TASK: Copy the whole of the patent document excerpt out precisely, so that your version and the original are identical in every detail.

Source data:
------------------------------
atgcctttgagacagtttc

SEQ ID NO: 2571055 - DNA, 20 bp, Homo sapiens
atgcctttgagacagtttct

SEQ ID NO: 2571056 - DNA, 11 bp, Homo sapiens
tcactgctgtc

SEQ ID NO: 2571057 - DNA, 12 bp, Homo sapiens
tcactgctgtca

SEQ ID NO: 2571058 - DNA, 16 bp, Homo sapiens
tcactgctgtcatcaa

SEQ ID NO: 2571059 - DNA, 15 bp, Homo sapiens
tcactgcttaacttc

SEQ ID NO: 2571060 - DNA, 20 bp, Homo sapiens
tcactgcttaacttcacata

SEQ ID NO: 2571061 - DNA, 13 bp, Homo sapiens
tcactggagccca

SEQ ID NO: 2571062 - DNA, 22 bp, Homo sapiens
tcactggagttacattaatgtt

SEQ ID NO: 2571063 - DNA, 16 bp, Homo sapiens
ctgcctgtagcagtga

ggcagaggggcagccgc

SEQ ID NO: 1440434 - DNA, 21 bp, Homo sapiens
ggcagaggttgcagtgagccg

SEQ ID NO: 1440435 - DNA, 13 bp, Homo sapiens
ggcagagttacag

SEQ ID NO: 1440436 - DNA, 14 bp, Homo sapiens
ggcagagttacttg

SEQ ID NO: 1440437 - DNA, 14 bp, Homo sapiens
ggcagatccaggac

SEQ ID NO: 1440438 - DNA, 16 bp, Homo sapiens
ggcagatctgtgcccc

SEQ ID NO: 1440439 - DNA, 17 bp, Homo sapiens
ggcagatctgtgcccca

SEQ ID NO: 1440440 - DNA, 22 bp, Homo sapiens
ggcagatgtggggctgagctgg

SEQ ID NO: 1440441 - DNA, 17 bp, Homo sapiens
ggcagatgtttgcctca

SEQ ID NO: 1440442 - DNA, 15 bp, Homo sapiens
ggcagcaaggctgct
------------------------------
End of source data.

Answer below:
atgcctttgagacagtttc

SEQ ID NO: 2571055 - DNA, 20 bp, Homo sapiens
atgcctttgagacagtttct

SEQ ID NO: 2571056 - DNA, 11 bp, Homo sapiens
tcactgctgtc

SEQ ID NO: 2571057 - DNA, 12 bp, Homo sapiens
tcactgctgtca

SEQ ID NO: 2571058 - DNA, 16 bp, Homo sapiens
tcactgctgtcatcaa

SEQ ID NO: 2571059 - DNA, 15 bp, Homo sapiens
tcactgcttaacttc

SEQ ID NO: 2571060 - DNA, 20 bp, Homo sapiens
tcactgcttaacttcacata

SEQ ID NO: 2571061 - DNA, 13 bp, Homo sapiens
tcactggagccca

SEQ ID NO: 2571062 - DNA, 22 bp, Homo sapiens
tcactggagttacattaatgtt

SEQ ID NO: 2571063 - DNA, 16 bp, Homo sapiens
ctgcctgtagcagtga

ggcagaggggcagccgc

SEQ ID NO: 1440434 - DNA, 21 bp, Homo sapiens
ggcagaggttgcagtgagccg

SEQ ID NO: 1440435 - DNA, 13 bp, Homo sapiens
ggcagagttacag

SEQ ID NO: 1440436 - DNA, 14 bp, Homo sapiens
ggcagagttacttg

SEQ ID NO: 1440437 - DNA, 14 bp, Homo sapiens
ggcagatccaggac

SEQ ID NO: 1440438 - DNA, 16 bp, Homo sapiens
ggcagatctgtgcccc

SEQ ID NO: 1440439 - DNA, 17 bp, Homo sapiens
ggcagatctgtgcccca

SEQ ID NO: 1440440 - DNA, 22 bp, Homo sapiens
ggcagatgtggggctgagctgg

SEQ ID NO: 1440441 - DNA, 17 bp, Homo sapiens
ggcagatgtttgcctca

SEQ ID NO: 1440442 - DNA, 15 bp, Homo sapiens
ggcagcaaggctgct